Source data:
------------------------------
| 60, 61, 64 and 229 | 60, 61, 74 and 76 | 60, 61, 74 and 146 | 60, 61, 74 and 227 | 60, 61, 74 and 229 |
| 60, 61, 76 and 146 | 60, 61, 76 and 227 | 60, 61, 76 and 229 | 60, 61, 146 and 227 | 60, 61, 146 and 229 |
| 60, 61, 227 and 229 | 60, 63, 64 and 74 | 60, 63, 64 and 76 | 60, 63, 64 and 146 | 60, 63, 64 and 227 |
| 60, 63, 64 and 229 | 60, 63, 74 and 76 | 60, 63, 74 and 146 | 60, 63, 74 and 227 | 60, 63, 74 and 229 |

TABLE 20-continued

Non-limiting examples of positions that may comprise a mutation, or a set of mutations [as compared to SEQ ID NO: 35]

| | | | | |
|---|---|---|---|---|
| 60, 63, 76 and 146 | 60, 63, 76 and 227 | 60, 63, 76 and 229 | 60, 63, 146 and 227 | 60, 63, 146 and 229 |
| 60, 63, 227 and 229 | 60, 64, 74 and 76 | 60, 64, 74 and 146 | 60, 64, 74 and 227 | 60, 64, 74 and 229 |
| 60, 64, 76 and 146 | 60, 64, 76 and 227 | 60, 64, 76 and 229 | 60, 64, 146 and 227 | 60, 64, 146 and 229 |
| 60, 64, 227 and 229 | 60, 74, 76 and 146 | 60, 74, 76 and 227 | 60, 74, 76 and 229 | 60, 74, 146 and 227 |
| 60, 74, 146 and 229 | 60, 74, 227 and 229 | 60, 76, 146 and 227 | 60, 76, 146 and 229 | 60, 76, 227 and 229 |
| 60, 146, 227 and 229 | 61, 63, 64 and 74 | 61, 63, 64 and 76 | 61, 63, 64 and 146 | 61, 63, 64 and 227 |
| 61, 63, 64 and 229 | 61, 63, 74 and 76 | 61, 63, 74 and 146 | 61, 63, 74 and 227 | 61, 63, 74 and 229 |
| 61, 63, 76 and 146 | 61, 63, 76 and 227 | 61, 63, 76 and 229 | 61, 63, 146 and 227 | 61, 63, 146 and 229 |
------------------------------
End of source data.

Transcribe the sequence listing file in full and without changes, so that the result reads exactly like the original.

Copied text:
| 60, 61, 64 and 229 | 60, 61, 74 and 76 | 60, 61, 74 and 146 | 60, 61, 74 and 227 | 60, 61, 74 and 229 |
| 60, 61, 76 and 146 | 60, 61, 76 and 227 | 60, 61, 76 and 229 | 60, 61, 146 and 227 | 60, 61, 146 and 229 |
| 60, 61, 227 and 229 | 60, 63, 64 and 74 | 60, 63, 64 and 76 | 60, 63, 64 and 146 | 60, 63, 64 and 227 |
| 60, 63, 64 and 229 | 60, 63, 74 and 76 | 60, 63, 74 and 146 | 60, 63, 74 and 227 | 60, 63, 74 and 229 |

TABLE 20-continued

Non-limiting examples of positions that may comprise a mutation, or a set of mutations [as compared to SEQ ID NO: 35]

| | | | | |
|---|---|---|---|---|
| 60, 63, 76 and 146 | 60, 63, 76 and 227 | 60, 63, 76 and 229 | 60, 63, 146 and 227 | 60, 63, 146 and 229 |
| 60, 63, 227 and 229 | 60, 64, 74 and 76 | 60, 64, 74 and 146 | 60, 64, 74 and 227 | 60, 64, 74 and 229 |
| 60, 64, 76 and 146 | 60, 64, 76 and 227 | 60, 64, 76 and 229 | 60, 64, 146 and 227 | 60, 64, 146 and 229 |
| 60, 64, 227 and 229 | 60, 74, 76 and 146 | 60, 74, 76 and 227 | 60, 74, 76 and 229 | 60, 74, 146 and 227 |
| 60, 74, 146 and 229 | 60, 74, 227 and 229 | 60, 76, 146 and 227 | 60, 76, 146 and 229 | 60, 76, 227 and 229 |
| 60, 146, 227 and 229 | 61, 63, 64 and 74 | 61, 63, 64 and 76 | 61, 63, 64 and 146 | 61, 63, 64 and 227 |
| 61, 63, 64 and 229 | 61, 63, 74 and 76 | 61, 63, 74 and 146 | 61, 63, 74 and 227 | 61, 63, 74 and 229 |
| 61, 63, 76 and 146 | 61, 63, 76 and 227 | 61, 63, 76 and 229 | 61, 63, 146 and 227 | 61, 63, 146 and 229 |